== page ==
U.S. Rachets Up Pressure on Kenyan “Drug Kingpins”

The White House released its designation of seven individuals, including two Kenyans, to Congress as appropriate for sanctions as “foreign drug kingpins”, including Kilome MP John Harun Mwau (Sultan Hamud, Eastern Province–on the way from Mombasa to Nairobi) and another Kenyan. This follows the delivery to Attorney General Wako earlier this year of a dossier supporting these charges.  So far, Kenyan authorities have indicated that they find no evidence on which to take legal action.

The White House

Office of the Press Secretary

For Immediate Release
June 01, 2011

Letter from the President on the Foreign Narcotics Kingpin Designation Act

June 1, 2011

Dear Mr. Chairman:  (Dear Madam Chairman:)
(Dear Representative:) (Dear Senator:)

This report to the Congress, under section 804(a) of the Foreign Narcotics Kingpin Designation Act, 21 U.S.C. 1901-1908 (the “Kingpin Act”), transmits my designations of the following seven foreign individuals as appropriate for sanctions under the Kingpin Act and reports my direction of sanctions against them under the Act:

Manuel Torres Felix (Mexico)
Gonzalo Inzunza Inzunza (Mexico)
Haji Lal Jan Ishaqzai (Afghanistan)
Kamchybek Asanbekovich Kolbayev (Kyrgyzstan)
John Harun Mwau (Kenya)
Naima Mohamed Nyakiniywa (Kenya)
Javier Antonio Calle Serna (Colombia)



Here is a link to “Narcotics:  What You Need to Know About U.S. Sanctions Against Drug Traffickers; an overview of the Foreign Narcotics Kingpins Designation Act . . .” published by the Treasury Department’s Office of Foreign Assets Control:

The Kingpin Act blocks all property and interests in property,
subject to U.S. jurisdiction, owned or controlled by significant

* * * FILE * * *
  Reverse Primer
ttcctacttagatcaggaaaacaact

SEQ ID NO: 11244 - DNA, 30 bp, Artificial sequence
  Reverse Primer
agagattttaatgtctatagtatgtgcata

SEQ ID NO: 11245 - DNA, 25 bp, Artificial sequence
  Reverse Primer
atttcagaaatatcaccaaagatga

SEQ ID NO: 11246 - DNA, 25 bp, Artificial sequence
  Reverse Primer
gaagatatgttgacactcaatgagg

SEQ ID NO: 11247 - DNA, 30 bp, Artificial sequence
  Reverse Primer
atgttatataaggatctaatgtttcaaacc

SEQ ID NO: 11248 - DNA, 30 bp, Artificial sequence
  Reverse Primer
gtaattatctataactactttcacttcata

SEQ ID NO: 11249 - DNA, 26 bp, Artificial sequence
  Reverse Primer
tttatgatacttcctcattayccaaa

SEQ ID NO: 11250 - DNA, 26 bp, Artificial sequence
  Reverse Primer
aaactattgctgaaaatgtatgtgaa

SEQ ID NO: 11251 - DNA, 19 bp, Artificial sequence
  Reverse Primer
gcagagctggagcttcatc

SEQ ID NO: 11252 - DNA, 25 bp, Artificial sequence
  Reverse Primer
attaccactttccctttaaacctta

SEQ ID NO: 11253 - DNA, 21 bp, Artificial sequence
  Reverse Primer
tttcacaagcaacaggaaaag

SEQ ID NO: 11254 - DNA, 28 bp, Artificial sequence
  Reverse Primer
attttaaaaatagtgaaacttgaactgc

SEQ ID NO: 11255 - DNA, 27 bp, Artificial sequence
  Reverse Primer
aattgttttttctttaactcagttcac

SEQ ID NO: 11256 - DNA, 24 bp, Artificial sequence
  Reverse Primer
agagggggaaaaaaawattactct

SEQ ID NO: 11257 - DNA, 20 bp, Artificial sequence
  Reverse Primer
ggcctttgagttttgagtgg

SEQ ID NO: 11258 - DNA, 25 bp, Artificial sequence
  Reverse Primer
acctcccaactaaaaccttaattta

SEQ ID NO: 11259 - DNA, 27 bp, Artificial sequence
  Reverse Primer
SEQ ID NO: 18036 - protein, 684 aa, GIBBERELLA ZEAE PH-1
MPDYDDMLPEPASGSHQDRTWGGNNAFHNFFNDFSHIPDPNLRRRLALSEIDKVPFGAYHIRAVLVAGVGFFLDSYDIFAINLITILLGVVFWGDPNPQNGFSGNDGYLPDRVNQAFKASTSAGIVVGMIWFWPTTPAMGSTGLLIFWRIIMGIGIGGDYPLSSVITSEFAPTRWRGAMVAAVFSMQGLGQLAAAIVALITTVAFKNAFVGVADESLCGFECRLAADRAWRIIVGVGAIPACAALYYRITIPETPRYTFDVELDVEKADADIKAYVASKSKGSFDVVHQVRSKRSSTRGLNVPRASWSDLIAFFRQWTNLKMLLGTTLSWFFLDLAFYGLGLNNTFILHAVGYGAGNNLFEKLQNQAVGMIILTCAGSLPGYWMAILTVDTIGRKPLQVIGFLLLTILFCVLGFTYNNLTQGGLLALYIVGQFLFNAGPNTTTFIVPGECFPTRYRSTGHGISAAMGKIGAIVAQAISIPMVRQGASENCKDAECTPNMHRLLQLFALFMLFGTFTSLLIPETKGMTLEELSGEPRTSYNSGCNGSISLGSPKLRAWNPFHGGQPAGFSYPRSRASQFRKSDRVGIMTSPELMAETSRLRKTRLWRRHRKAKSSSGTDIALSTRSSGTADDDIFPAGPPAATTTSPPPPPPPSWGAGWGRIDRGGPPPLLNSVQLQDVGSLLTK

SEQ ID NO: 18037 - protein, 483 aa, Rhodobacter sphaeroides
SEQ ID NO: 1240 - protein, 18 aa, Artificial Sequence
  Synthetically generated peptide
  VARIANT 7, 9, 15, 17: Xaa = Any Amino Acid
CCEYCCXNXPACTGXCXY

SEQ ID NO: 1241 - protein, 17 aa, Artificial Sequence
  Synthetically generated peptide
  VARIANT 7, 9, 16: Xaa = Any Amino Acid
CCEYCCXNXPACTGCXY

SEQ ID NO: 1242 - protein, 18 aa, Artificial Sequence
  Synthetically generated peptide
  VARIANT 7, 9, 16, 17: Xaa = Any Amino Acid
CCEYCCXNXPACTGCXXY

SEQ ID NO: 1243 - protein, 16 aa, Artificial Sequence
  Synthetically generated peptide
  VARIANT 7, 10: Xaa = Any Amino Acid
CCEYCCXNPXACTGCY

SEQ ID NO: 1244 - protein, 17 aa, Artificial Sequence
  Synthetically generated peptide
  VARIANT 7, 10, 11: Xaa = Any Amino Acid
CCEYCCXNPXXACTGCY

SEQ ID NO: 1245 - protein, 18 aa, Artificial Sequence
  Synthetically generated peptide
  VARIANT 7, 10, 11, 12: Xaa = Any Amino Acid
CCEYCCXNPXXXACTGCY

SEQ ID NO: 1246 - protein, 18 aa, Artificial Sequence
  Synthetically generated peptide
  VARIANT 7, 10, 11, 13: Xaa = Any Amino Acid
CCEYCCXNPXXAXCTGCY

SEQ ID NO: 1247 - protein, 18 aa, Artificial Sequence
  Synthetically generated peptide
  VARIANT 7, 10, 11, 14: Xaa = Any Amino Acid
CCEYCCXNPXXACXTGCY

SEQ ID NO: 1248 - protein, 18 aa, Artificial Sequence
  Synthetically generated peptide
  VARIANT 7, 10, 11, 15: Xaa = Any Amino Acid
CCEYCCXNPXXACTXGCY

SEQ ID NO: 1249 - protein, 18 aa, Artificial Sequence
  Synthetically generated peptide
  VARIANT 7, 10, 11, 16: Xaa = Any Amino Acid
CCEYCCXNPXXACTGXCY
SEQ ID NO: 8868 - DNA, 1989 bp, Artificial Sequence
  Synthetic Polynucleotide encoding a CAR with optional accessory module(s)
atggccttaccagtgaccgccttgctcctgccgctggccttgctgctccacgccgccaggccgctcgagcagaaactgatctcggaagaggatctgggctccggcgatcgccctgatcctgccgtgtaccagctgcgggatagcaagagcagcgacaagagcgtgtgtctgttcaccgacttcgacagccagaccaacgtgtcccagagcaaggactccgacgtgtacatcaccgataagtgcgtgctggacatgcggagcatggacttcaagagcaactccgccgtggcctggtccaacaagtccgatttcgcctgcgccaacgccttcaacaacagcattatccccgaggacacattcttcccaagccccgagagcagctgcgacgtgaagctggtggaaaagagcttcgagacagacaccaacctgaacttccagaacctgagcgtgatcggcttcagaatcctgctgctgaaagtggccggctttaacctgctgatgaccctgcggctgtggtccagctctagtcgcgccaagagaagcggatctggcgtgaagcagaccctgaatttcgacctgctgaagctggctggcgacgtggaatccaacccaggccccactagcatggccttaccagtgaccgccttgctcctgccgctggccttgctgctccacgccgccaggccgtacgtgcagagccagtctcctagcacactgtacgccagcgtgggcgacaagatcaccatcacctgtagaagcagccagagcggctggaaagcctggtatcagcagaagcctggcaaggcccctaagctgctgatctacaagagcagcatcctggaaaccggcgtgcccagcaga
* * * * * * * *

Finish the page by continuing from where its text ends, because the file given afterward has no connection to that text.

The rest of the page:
foreign narcotics traffickers as identified by the President.  In
addition, the Kingpin Act blocks the property and interests in
property, subject to U.S. jurisdiction, of foreign persons
designated by the Secretary of Treasury, in consultation with the
Attorney General, the Director of Central Intelligence, the
Director of the Federal Bureau of Investigation, the
Administrator of the Drug Enforcement Administration, the
Secretary of Defense, and the Secretary of State, who are found to
be: (1) materially assisting in, or providing financial or
technological support for or to, or providing goods or services in
support of, the international narcotics trafficking activities of
a person designated pursuant to the Kingpin Act;  (2) owned,
controlled, or directed by, or acting for or on behalf of, a person
designated pursuant to the Kingpin Act; or  (3)  playing a
significant role in international narcotics trafficking.

Mwau filed suit against outgoing U.S. Ambassador Ranneberger in the Kenyan High Court in April in response allegations raised against him by the U.S. late last year:

Mwau says the diplomat has made false allegations of drug trafficking, contract killings and money laundering to the police. The diplomat on December 7, 2010, filed a criminal complaint with the Minister for Internal Security Prof George Saitoti and had the same complaint delivered to the Police Commissioner.

Mwau states that he has never been involved and has never contemplated or even dreamed of being involved in trafficking narcotic drugs and does not know any person who sells, buys or consumes narcotics of any nature.

He says he was shocked when his name was announced by Prof Saitoti in Parliament on December 22, 2010, as one of the people named in Ranneberger’s dossier. Mwau says the dossier had contents meant and calculated to injure his dignity and reputation.

The contents of the dossier, he adds, alleged that he has been linked to contract killings against law enforcement officials and that he is linked to a tonne of cocaine consignment seized by Kenya Police in 2004. Ranneberger also alleged he (Mwau) was a close family member of Akasha family in Mombasa.

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